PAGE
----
For years now, as an author, speaker, and life coach, I’ve been studying the mind and the brain—and what I have discovered is that they are all-powerful and utterly fascinating.
What I have also discovered is that people don’t know much about either. We understand the body, but we know little about the mind-brain system—we lack emotional intelligence (the ability to identify and manage emotions). Being that we are living as chronically stressed human-doers, our chaotic lifestyles allow little room for mind work, and for this reason we tend to think that things need to first change on the outside.
Only those who have ventured down the personal growth and development path understand that all change begins within—that transformation is an inside job.
The science of emotion is such an essential topic, but who would dare to venture into such vulnerable territory? Who would dare to step into something almost as equally stigmatized as mental health?
Well, the directors and producers at Pixar would, and I could not be more proud of their courage. What they have achieved in their recent movie, Inside Out, is far greater than they could possibly know. It’s revolutionary—a paradigm shift.
I’m not here to spoil this movie for others by sharing its exquisite content, but I am here to express my gratitude to Pixar for bringing this timely topic to life, by magically weaving together science, psychology, storytelling, and artistic genius.
At a time when more people of all ages are depressed, anxious, and taking medications of all kinds for stress-related reasons; at a time when the suicide rate is far higher than it needs to be, someone needed to address the issue of feelings and emotions—after all, they drive all behavior. For years I have been struggling to understand why our educational system overlooks and minimizes this issue.
So how else can we educate this generation and the next? Clearly, through the arts. Theatrical productions and movies are made to bring important issues to life—to open minds and hearts by uncovering and sharing the truths about humanity.
And the truth is that we needed a highly respected leader and role model to step up to the plate and teach us. The people at Pixar are my heroes, for taking on this task with dignity and grace and in such a way that every adult and child would benefit from the messages delivered.
And what were some of those very important messages? Well…Joy, Sadness, Fear, Anger, and Disgust were personified as the main characters who came to teach us about the interplay between our emotions. They showed us the self-talk within our minds—they opened up a can of worms that our culture would rather keep closed.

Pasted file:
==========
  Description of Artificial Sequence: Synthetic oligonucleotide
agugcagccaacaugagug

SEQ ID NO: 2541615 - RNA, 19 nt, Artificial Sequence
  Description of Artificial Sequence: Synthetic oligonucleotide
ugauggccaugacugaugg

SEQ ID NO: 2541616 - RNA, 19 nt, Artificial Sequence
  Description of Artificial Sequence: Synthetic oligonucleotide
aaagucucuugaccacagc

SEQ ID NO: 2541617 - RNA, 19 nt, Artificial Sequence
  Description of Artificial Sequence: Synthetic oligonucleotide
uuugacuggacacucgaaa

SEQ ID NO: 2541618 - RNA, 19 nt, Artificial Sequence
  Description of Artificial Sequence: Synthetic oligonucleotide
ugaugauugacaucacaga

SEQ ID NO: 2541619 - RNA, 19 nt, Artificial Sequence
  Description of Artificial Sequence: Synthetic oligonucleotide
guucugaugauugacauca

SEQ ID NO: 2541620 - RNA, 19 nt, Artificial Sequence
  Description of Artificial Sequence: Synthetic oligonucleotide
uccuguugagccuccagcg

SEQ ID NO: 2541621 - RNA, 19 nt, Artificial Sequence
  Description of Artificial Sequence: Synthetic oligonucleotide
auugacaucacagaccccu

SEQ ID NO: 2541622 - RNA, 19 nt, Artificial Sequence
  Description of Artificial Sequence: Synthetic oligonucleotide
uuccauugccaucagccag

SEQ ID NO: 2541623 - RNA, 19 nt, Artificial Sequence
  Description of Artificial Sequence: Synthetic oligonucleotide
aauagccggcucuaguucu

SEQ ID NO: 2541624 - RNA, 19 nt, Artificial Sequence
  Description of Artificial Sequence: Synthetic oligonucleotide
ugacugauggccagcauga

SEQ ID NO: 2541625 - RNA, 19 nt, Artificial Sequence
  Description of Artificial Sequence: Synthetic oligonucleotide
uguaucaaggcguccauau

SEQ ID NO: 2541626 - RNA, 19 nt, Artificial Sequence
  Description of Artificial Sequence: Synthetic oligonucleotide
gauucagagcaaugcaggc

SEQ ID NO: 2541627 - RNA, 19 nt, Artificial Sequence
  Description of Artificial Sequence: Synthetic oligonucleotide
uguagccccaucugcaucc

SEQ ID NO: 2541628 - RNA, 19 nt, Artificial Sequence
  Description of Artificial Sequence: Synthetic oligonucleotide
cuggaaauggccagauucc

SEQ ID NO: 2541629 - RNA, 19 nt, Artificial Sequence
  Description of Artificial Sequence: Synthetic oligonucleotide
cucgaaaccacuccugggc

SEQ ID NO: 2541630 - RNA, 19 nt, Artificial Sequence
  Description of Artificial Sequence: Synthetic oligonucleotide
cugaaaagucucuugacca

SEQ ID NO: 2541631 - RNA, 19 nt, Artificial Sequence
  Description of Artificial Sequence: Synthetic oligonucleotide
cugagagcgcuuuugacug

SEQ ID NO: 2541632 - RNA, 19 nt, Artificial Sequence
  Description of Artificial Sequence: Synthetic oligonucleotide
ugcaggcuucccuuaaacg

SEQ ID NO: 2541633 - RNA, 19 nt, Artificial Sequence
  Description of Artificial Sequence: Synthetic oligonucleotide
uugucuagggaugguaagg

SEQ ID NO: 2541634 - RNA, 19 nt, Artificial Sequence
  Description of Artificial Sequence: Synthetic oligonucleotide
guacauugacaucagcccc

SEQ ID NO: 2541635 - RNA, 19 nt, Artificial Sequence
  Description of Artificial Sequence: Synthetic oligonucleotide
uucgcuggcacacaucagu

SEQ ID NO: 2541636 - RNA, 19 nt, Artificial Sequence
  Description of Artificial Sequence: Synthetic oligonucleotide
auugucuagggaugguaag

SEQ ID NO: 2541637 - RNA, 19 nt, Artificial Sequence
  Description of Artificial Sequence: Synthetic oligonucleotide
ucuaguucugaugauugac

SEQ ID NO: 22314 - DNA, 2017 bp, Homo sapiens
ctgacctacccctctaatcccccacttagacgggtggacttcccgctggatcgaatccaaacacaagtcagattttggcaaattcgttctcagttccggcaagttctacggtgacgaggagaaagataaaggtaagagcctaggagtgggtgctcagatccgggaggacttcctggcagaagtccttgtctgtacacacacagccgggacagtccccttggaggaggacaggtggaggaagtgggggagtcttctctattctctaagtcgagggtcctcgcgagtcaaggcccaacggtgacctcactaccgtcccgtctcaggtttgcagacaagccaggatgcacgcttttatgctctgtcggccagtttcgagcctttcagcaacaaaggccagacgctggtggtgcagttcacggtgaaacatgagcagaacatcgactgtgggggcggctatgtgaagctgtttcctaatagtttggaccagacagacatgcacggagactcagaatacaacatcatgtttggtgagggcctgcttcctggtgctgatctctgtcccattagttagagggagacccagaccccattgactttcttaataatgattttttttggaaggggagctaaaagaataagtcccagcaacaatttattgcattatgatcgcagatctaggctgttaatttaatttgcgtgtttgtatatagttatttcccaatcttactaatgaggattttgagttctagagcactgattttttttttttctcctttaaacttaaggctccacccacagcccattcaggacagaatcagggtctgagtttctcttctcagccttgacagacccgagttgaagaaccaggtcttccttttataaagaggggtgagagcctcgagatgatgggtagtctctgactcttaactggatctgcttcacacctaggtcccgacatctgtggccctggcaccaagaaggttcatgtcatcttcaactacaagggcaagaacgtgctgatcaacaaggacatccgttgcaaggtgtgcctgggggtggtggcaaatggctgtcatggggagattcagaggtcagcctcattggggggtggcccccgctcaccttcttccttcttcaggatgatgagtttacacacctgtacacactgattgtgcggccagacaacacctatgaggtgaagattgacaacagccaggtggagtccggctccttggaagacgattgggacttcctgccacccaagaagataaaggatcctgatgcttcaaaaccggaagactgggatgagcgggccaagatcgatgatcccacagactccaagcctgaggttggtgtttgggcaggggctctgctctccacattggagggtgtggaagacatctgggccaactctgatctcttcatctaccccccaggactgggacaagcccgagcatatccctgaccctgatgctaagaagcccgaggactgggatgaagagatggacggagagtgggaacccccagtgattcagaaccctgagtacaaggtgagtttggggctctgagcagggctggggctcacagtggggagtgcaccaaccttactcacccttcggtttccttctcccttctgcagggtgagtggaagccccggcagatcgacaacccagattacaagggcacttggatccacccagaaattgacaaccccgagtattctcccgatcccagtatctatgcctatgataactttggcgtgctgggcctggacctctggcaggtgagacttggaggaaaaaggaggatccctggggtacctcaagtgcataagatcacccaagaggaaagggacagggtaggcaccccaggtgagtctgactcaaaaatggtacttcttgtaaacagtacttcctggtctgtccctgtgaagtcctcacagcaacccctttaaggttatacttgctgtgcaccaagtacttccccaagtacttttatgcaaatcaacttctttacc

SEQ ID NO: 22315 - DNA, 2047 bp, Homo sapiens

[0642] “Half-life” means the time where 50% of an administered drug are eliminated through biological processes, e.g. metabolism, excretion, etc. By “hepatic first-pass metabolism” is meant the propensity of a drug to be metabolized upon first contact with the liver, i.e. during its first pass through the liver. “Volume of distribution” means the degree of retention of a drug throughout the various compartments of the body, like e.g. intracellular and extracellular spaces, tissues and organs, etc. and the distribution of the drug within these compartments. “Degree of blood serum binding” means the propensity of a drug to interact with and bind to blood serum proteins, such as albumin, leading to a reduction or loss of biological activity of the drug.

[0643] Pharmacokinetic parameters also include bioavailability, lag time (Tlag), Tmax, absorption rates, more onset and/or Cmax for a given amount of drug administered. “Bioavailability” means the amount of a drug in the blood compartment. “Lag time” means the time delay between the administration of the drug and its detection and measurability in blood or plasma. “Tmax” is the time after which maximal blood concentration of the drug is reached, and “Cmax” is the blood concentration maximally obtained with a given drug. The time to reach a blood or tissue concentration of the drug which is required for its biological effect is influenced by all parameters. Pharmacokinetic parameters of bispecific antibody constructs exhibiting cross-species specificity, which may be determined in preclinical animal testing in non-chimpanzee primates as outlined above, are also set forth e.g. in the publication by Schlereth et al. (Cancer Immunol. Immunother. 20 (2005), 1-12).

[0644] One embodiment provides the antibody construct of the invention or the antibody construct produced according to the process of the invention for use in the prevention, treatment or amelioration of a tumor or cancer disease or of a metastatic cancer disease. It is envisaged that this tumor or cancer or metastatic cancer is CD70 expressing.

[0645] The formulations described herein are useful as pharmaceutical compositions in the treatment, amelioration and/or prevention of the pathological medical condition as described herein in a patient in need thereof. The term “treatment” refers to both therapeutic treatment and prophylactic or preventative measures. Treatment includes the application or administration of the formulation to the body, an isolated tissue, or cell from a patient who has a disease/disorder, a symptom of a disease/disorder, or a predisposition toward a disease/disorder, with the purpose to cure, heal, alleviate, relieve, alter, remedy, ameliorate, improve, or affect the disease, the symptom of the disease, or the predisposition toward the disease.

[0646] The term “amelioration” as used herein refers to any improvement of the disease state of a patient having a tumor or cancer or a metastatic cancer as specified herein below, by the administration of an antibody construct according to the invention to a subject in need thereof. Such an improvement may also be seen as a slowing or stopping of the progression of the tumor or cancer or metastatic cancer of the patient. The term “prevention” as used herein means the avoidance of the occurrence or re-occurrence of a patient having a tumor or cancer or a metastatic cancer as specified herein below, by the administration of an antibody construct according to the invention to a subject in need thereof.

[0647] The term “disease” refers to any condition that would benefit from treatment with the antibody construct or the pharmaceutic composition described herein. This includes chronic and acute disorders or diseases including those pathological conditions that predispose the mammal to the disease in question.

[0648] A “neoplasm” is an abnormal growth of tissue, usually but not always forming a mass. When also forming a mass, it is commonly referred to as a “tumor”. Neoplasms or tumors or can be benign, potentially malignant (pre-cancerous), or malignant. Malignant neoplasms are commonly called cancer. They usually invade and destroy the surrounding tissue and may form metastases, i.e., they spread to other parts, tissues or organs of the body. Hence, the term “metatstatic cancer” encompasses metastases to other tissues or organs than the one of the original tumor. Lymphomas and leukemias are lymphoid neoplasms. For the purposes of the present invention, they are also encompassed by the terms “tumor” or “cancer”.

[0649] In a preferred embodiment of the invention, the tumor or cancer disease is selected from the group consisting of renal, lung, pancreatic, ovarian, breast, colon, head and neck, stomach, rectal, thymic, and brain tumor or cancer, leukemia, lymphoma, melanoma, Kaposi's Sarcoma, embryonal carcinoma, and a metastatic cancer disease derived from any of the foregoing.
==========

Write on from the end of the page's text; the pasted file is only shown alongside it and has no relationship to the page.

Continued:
We learned so much about the way we speak to ourselves: the different voices in our head—their volume and intensity—and how every different emotion has different thoughts and behaviors associated with it—both good and bad.
We learned the importance of core memories and how they can be changed and reframed depending on our mood and feeling state.
We learned about becoming mindful of our various emotional states—allowing us to recognize just what it means to get emotionally charged—and even perhaps how to tame and quieten the negative self-talk.
We learned that life changes from the inside out, and not vice versa. There are so many people who continue to blame the world and everything external for the circumstances of their lives. The self-help journey is not one that is endorsed by all—but EVERYONE needs to understand the power that lies within them to change their minds, their brains, and thus their lives.
But what we learned, most importantly, was that joy alone is not the path to true happiness. The pursuit of happiness involves the interplay between all emotions—and sadness is essential in getting to joy—so please, don’t push sadness away!
I have now seen this major “emotion picture” twice and still feel as if I have not yet fully grasped all its beauty and complexity. Inside Out was magnificent, heart-warming, creative beyond imagination, and NOTHING was left undone. There were personality islands and long and short-term memories—there was abstract thinking, imagination land, and even a train of thought.
Once again I would like to thank the AMAZING TEAM at Pixar for using their artistic license to the fullest. This company has exceeded my greatest expectation by being part of a most worthy cause and contributing to a greater good. People young and old are relating to and learning from this movie’s most essential life lessons. And what could be more important than teaching tools that will help us to navigate our way through life’s ups and downs?
PS- What sets Disney & Pixar apart from the rest of the world is their drive and mission to create heartwarming pictures—always with an important message to humanity. We are forever grateful!